Community Interactions In Tropical Forest Restoration And Environmental Governance In The Panama Canal Watershed
- Author(s): Schweizer, Daniella
- Advisor(s): Gilbert, Gregory S
- Holl, Karen D
- et al.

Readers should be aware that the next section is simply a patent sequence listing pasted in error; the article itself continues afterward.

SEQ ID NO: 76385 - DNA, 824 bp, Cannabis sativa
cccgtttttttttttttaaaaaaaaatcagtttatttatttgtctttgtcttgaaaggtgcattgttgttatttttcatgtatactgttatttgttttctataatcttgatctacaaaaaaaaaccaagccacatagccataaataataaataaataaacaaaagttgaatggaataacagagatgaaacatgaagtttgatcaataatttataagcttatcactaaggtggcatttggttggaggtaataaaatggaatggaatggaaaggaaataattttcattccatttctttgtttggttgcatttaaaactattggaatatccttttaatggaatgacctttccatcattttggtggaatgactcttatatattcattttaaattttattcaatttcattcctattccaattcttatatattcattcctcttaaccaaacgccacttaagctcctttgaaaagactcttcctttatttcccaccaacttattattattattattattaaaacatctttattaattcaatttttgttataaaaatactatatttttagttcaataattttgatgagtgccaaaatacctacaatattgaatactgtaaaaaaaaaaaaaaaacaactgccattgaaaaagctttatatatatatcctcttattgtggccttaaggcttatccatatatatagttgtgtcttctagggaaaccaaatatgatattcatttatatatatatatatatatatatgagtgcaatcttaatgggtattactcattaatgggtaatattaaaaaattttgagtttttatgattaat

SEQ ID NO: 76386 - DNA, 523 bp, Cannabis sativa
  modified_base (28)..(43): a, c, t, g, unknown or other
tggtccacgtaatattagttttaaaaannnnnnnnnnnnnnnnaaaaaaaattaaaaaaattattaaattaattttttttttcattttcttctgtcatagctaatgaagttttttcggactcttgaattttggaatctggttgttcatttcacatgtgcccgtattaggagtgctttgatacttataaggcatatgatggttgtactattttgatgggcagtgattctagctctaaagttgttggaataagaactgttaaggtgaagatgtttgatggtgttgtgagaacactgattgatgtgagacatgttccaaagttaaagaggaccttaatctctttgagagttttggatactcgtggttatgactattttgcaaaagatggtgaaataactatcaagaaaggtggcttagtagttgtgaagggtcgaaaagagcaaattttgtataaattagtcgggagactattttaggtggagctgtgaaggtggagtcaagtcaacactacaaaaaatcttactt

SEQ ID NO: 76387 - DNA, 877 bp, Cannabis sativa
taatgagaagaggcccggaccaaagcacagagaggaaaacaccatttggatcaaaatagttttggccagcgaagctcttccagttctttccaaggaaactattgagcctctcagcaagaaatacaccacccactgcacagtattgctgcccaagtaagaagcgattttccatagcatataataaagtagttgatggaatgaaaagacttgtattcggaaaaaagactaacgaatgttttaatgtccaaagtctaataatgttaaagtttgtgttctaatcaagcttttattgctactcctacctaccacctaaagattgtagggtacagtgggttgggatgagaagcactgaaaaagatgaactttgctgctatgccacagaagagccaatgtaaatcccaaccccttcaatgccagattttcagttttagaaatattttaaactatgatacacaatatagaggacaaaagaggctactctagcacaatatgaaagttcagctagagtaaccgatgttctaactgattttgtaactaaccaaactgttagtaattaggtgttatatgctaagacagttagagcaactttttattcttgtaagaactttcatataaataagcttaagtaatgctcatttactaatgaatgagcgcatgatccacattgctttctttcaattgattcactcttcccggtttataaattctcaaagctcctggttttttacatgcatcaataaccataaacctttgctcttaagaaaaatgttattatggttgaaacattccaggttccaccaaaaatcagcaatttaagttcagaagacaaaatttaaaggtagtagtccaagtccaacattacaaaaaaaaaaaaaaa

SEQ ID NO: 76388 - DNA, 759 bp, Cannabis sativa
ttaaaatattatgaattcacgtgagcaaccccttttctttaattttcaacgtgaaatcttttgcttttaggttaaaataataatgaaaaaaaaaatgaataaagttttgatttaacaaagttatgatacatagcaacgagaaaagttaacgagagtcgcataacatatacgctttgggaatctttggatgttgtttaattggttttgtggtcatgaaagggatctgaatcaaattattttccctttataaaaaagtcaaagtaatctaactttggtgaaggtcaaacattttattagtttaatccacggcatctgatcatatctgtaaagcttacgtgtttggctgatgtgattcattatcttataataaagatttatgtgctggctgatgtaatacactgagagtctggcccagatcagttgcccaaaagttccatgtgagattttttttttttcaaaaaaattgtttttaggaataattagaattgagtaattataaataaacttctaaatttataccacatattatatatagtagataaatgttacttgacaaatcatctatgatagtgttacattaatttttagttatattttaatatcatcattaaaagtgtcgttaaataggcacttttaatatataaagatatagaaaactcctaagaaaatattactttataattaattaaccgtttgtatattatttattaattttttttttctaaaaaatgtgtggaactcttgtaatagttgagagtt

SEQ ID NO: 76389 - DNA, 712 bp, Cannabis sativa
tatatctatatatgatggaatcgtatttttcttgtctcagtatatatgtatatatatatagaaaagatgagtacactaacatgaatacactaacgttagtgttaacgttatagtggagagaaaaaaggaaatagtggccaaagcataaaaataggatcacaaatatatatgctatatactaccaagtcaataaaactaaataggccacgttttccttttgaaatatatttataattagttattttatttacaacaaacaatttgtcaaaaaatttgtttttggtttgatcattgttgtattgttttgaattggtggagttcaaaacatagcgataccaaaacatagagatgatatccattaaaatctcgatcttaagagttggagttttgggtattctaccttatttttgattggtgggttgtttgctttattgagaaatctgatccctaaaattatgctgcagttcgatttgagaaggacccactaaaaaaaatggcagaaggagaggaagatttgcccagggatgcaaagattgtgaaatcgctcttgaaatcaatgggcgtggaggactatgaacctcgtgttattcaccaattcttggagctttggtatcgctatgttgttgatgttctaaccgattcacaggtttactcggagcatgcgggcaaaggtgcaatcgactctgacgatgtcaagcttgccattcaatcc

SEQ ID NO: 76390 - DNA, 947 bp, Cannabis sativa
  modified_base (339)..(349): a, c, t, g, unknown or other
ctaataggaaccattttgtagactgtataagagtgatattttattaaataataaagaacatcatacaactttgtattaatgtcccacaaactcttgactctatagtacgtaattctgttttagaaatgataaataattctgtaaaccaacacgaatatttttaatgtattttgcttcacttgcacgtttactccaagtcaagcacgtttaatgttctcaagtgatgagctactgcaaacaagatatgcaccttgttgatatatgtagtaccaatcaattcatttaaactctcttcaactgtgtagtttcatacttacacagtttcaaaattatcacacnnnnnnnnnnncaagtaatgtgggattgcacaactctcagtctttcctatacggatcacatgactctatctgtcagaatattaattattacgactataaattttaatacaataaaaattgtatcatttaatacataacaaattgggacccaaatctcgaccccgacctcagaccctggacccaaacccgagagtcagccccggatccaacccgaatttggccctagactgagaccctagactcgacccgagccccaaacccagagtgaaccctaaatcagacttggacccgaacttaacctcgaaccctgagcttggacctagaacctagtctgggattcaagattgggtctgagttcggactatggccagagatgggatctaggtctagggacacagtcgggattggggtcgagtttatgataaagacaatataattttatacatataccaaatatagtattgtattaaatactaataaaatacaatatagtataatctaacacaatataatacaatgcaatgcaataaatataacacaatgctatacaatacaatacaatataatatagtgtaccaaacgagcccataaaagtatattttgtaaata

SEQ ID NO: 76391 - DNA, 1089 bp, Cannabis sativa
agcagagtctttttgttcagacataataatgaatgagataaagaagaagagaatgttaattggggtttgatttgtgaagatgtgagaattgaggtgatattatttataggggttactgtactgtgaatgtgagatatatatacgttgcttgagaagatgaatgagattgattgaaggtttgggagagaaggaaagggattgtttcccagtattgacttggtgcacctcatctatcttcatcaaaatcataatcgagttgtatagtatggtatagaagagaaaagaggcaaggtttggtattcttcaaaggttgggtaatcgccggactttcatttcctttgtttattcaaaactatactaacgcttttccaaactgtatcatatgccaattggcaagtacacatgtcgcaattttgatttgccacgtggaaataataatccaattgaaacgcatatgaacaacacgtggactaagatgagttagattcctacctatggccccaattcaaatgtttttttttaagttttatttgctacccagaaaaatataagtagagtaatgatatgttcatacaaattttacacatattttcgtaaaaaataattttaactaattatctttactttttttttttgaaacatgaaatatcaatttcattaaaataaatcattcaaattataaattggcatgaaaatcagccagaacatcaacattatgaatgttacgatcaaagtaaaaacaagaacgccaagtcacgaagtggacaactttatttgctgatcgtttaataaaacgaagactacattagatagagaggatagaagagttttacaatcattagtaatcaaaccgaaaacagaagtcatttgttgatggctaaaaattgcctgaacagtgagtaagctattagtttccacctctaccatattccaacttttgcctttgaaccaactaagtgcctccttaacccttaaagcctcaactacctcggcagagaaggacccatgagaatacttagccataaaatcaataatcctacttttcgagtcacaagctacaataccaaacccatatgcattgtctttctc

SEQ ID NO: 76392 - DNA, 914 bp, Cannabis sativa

Increased global awareness of the loss of environmental services that derive from deforestation has triggered calls to promote the recovery of tropical forests. I studied two types of community interactions in tropical forest restoration. The first two chapters present the results of applying tools from phylogenetic ecology to tropical forest restoration. I hypothesized that negative biotic interactions, driven mainly by shared deleterious symbionts, would reduce the natural recruitment of closely related species and the performance of planted seedlings beneath a small monoculture tree canopy. I found non-random phylogenetic structure among coexisting natural recruits, and between them and the overstory trees. The natural recruits beneath legume trees were composed mainly of species further related to each other and to the overstory tree than expected by chance (phylogenetically overdispersed), whereas natural recruits beneath non-legume tree species were more closely related to each other than expected (phylogenetically clustered). This pattern was due to the disproportionate recruitment of Piperaceae, an ancestral clade to all other species, under legume canopies; versus abiotic filters beneath non-legumes leading to dominance of the more recently evolved Asteraceae. In planting experiments, I found the lowest performance on seedlings of the same species as the overstory tree. It was not clear whether the decreased performance of conspecifics was driven by shared pathogens with the overstory because there was no significant phylogenetic signal in host sharing among pathogens. These results suggest that phylogenetic ecology provides some useful information about community assembly processes during tropical forest succession that can guide selection of which species to plant. Finally, I assessed a multi-stakeholder governance regime implemented by the Panamanian Government aimed at achieving sustainable development of the Panama Canal Watershed. I found the governance regime creates important spaces for environmental education and communication between the communities and government actors led by top-down power dynamics. However, tangible results are still mostly lacking. The local communities expressed frustration with the lack of projects and quality of life improvements to date, and the Panama Canal Authority struggles to achieve greater collaboration from other government institutions to solve pressing social issues in the watershed.